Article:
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Title:Three essays on agricultural and consumer economics
Author(s):Nava, Noé J.
Director of Research:Ridley, William
Doctoral Committee Chair(s):Ridley, William
Doctoral Committee Member(s):Dall'Erba, Sandy; Xu, Yilan; Garduno-Rivera, Rafael
Department / Program:Agr & Consumer Economics
Discipline:Agricultural & Applied Econ
Degree Granting Institution:University of Illinois at Urbana-Champaign
Subject(s):Farm to fork
General Equilibrium
Abstract:In this dissertation, I employ different methodologies to study current issues that affect the food system in the U.S. and Mexico. From farm to fork, this research explores problems of obesity derived from the consumption of sugary soft beverages, the impacts of supply chain disruptions on the availability of food, and the role of climate change in agriculture. I contribute to a broad literature in agricultural economics by expanding the set of methodologies available to researchers and providing new insights in the existing literature. This dissertation is constituted of three chapters as follows. The theoretical foundations and procedures to estimate demand systems to recover income- and price-elasticities have long been established; however, some streams of the literature do not account for all of the empirical implications of their datasets, leading to inconclusive results. The analysis of sin taxes on sugary soft beverages (SSB) is an exemplary case that has carried controversy in Latin-American countries. In Mexico, for instance, the federal government imposed a 20% price hike on SSB to curb its obesity epidemic in 2014, but obesity has continued increasing. This manuscript revisits the demand estimation applications aim to study the effectiveness of the sin tax with a censored Quadratic Almost Ideal Demand (QUAID) system. Previous studies find that SSB is an elastic good (a 10% price increase is associated with a greater than 10% reduction in quantity) with an own-price elasticity between - 1.11 and -1.61, but our study finds that SSB is an inelastic good (a 10% price increase is associated with a 9.5% decrease in quantity). Our results suggest that SSB taxes are not as effective as previous research indicates, explaining the gap between actual obesity rates and expected obesity rates after the sin tax was imposed in Mexico. This paper expands a Ricardian trade general equilibrium model to assess the U.S. state vulnerabilities to production shocks and supply chain disruptions under the existing food system. We find that the distribution of welfare losses caused by disruption in the existing supply chain depends on the state’s agricultural capacity and its operating expenses. Conversely, the existing supply chain capability to mitigate the impacts from productivity shocks is hindered by reliance on in-state crop production. Our extension of the Ricardian trade formulation is a comprehensive but simple model of the U.S. market of crops. We incorporate the heterogeneity of farmers’ production and isolate food processing plants as the main consumer of domestic crop production. Our general equilibrium model allows us to derive conclusions that are state specific, so they can be employed to craft state level policies to strength the national food system. The Ricardian framework has been widely used to study the impact of climate change on agriculture across US counties over the past few decades. While the spatial heterogeneity of climate change is well-accepted, the literature struggles to reach an agreement on how to model it, hence leading to a wide range of fore- casted impacts. This paper employs Multiscale Geographically-Weighted-Regression (MGWR) to avoid setting an a priori definition of heterogeneity and to generate county-specific marginal effects of climate change impacts. This manuscript tests the predictive power of our MGWR application with other functional forms found in the literature on a homogenized dataset of historical climate, demographic and soil quality controls. Our cross-validation exercise indicates that our MGWR approach has a higher predictive power than studies that cluster spatial units, and that other approaches have a downward bias. We attribute the divergence in results to unspecified heterogeneity. Our place-specific marginal effects will help guide the development of place-tailored mitigation and adaptation strategies to climate change.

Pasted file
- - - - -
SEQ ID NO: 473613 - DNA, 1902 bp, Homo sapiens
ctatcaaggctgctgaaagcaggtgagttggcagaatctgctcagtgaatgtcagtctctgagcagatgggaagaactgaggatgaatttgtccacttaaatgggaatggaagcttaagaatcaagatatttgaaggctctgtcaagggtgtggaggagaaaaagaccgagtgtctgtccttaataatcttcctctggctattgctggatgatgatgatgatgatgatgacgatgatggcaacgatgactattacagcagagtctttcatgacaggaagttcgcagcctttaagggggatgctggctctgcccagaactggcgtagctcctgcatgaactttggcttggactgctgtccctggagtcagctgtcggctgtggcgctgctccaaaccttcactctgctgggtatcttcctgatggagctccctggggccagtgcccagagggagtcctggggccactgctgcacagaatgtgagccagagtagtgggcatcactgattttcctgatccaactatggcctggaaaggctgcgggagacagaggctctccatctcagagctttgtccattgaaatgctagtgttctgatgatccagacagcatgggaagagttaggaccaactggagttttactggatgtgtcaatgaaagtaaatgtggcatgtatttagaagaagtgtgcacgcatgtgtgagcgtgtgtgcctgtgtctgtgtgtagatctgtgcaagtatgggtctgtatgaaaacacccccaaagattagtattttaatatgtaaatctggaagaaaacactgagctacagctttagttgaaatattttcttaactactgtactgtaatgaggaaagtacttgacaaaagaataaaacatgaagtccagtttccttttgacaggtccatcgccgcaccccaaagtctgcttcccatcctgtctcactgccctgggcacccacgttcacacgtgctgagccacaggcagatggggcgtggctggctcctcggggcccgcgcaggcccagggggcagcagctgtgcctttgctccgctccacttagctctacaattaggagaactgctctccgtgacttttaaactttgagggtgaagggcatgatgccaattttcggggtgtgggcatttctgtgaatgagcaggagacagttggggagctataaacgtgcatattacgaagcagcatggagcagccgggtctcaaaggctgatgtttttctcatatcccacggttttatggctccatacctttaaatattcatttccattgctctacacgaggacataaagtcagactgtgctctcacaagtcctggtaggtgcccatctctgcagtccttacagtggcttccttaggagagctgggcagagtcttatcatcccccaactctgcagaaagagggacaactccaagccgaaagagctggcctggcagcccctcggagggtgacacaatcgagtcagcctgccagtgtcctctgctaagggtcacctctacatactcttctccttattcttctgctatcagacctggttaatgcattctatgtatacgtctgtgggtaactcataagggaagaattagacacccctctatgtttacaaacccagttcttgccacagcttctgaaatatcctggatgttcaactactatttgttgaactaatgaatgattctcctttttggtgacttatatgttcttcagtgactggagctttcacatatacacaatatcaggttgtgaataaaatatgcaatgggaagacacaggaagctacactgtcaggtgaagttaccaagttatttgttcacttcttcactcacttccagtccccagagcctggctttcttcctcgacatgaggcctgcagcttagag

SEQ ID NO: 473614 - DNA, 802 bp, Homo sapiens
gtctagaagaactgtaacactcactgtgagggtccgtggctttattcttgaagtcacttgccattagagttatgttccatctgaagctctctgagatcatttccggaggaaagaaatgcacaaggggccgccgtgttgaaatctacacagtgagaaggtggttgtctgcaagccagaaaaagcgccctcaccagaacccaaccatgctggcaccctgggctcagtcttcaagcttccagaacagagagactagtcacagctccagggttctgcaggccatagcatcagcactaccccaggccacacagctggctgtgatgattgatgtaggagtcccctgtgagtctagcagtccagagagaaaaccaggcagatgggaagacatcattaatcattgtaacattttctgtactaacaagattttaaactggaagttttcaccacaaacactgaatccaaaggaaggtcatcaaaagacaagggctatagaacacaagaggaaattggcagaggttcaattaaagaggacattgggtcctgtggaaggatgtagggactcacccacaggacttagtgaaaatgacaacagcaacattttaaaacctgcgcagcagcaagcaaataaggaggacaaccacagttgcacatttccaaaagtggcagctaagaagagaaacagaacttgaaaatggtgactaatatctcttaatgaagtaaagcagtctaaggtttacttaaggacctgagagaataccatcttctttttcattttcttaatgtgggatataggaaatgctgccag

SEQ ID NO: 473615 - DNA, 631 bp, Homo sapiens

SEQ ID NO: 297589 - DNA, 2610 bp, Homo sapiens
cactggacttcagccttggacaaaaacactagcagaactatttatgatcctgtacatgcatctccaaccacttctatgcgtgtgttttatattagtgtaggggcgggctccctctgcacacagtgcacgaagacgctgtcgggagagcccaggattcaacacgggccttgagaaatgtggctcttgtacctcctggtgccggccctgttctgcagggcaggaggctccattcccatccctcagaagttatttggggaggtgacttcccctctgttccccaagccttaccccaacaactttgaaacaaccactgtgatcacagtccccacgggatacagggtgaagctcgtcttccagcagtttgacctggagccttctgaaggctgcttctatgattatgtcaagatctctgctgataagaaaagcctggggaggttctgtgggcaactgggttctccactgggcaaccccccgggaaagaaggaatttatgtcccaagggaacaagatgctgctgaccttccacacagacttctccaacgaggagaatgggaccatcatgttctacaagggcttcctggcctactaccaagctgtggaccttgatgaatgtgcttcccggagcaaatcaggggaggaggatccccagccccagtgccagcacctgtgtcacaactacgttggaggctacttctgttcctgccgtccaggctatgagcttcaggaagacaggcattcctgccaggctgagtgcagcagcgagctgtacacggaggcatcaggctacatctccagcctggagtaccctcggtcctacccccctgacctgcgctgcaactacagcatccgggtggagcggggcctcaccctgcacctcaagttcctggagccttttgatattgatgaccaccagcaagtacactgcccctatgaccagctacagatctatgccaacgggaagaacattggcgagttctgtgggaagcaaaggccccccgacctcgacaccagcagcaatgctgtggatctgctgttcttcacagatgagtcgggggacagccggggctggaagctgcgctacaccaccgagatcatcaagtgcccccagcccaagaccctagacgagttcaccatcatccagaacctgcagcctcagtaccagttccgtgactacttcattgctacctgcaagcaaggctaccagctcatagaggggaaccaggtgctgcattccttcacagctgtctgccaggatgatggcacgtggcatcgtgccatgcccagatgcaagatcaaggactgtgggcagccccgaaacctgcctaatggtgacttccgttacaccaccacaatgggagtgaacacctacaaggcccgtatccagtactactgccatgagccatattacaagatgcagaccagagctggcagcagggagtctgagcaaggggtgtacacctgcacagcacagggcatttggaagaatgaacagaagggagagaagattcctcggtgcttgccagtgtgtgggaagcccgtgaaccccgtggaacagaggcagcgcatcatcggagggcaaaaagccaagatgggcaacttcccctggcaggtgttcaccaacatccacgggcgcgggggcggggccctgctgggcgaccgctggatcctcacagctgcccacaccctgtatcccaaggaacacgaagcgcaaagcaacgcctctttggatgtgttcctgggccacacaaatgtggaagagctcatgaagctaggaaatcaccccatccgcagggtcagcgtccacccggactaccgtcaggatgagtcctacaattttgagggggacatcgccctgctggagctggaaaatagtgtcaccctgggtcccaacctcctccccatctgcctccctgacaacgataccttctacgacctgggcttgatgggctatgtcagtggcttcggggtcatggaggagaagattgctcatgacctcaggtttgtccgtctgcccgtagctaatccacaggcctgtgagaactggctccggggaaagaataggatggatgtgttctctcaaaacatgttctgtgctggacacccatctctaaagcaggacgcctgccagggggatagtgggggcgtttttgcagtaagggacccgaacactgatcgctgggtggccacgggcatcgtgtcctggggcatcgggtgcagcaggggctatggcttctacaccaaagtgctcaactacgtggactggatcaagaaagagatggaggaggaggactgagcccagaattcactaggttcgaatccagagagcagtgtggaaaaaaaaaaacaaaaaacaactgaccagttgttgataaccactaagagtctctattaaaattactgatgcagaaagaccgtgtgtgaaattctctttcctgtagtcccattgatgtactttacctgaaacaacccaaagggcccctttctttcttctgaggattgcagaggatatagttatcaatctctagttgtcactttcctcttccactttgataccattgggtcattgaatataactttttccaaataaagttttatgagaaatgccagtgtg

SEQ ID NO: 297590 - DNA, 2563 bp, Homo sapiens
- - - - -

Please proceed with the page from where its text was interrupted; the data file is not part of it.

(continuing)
Issue Date:2021-11-16
Rights Information:Copyright 2021 Noé Nava
Date Available in IDEALS:2022-04-29
Date Deposited:2021-12

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